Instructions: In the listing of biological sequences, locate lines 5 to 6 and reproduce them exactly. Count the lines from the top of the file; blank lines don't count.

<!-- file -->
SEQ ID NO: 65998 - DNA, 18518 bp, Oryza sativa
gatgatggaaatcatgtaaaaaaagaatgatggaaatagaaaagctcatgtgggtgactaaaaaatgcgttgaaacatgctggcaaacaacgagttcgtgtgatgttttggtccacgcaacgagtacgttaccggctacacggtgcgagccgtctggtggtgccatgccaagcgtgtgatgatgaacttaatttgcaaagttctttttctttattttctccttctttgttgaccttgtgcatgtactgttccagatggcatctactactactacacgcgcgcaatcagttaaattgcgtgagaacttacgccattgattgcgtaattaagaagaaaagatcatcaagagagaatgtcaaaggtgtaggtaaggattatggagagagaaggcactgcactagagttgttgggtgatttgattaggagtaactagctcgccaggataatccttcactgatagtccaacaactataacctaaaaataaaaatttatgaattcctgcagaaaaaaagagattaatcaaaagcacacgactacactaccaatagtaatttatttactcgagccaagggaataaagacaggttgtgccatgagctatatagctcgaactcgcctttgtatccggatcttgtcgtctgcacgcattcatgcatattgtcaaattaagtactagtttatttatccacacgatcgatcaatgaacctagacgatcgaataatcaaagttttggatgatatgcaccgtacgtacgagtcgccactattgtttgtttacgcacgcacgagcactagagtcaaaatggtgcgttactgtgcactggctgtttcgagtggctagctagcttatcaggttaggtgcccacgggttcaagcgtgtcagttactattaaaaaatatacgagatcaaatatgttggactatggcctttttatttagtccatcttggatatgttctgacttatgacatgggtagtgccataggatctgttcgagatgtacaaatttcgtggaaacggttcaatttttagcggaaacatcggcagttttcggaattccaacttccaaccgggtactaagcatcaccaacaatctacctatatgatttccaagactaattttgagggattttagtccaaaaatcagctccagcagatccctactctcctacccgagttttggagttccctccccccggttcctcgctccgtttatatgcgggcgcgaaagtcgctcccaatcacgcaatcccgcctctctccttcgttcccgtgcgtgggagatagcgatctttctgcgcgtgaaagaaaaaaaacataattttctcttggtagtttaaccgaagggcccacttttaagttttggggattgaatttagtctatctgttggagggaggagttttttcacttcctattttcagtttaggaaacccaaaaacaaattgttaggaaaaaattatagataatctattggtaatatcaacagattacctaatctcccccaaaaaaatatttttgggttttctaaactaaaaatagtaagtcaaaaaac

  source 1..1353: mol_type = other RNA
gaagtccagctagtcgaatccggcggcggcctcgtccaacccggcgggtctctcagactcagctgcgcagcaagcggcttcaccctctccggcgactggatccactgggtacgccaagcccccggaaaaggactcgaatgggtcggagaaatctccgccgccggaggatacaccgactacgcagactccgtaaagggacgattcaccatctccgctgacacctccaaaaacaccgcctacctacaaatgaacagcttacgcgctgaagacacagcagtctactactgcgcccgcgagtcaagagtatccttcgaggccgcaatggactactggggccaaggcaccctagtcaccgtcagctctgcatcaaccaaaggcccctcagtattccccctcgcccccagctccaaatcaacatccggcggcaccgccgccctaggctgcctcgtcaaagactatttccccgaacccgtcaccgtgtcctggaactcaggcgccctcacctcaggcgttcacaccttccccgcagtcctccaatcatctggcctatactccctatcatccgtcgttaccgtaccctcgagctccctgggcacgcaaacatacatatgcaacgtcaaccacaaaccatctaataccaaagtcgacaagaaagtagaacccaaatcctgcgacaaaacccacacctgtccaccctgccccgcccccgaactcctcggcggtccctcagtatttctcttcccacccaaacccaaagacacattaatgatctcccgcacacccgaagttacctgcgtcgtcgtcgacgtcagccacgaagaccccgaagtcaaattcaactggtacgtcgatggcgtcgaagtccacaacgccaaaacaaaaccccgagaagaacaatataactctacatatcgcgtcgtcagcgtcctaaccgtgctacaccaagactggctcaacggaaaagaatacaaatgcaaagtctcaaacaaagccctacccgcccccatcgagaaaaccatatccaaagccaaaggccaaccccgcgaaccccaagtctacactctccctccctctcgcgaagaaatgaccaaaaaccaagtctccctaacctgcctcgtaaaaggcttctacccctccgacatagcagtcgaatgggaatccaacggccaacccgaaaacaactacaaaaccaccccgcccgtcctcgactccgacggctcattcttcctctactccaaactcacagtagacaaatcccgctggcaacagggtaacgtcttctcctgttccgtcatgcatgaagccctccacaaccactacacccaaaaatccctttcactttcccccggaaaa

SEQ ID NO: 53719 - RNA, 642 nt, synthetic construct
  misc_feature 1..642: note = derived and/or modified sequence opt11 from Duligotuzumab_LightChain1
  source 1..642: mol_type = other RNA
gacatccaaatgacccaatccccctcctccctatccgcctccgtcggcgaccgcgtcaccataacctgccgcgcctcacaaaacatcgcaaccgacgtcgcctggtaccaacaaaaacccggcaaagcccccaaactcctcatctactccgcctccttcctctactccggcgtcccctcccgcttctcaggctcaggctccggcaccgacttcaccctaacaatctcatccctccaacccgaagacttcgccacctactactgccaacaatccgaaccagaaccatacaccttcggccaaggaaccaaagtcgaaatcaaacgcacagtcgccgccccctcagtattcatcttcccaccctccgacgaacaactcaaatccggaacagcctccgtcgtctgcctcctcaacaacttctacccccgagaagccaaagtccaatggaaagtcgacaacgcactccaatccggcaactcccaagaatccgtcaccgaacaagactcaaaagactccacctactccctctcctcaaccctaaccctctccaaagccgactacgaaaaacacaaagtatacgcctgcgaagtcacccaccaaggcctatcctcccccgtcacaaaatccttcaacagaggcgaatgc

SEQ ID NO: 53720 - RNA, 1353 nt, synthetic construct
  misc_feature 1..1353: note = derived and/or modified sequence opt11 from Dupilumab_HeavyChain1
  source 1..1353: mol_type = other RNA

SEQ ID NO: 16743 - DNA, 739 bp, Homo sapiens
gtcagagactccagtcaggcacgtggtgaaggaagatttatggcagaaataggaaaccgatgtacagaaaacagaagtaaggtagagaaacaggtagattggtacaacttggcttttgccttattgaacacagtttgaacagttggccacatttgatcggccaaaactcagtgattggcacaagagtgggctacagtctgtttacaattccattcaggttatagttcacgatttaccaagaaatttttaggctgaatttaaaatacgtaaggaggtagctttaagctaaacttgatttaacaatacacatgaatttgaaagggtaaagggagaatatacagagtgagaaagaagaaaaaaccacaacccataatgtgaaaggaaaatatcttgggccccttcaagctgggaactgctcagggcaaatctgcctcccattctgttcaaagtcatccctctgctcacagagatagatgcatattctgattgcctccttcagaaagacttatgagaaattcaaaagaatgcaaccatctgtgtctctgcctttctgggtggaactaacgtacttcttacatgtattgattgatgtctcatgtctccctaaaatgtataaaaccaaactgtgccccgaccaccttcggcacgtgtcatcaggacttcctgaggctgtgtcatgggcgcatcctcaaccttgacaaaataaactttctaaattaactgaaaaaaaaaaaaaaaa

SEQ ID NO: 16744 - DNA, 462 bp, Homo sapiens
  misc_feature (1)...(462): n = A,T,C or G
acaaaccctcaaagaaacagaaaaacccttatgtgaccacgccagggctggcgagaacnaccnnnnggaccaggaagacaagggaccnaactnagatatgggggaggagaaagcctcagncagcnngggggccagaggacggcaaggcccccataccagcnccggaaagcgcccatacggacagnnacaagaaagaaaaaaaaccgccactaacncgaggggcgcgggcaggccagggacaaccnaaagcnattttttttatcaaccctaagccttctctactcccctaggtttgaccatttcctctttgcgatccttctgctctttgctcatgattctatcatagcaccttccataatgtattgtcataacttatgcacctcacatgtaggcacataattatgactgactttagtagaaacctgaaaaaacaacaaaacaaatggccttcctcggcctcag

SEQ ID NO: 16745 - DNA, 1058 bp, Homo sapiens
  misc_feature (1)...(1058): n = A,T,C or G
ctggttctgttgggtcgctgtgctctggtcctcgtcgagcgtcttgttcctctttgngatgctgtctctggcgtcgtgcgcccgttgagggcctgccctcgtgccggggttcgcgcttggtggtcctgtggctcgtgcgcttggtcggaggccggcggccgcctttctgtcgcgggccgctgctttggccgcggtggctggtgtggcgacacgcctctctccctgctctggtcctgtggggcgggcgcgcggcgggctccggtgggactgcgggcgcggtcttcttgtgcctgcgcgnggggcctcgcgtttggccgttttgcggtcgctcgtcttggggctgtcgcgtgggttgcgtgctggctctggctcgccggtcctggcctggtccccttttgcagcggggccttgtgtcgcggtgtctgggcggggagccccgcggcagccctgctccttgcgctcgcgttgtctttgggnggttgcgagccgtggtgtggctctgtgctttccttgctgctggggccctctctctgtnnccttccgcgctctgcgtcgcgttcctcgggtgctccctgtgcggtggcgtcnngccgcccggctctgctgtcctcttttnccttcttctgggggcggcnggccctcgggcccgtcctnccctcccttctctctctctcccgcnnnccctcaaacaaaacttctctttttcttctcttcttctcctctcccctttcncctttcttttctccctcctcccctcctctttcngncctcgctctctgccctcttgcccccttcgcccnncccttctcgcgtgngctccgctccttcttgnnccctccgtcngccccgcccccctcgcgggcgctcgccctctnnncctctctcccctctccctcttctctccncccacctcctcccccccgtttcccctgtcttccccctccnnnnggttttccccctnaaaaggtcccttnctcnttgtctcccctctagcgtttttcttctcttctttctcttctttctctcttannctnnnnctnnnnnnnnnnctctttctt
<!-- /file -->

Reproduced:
SEQ ID NO: 53719 - RNA, 642 nt, synthetic construct
  misc_feature 1..642: note = derived and/or modified sequence opt11 from Duligotuzumab_LightChain1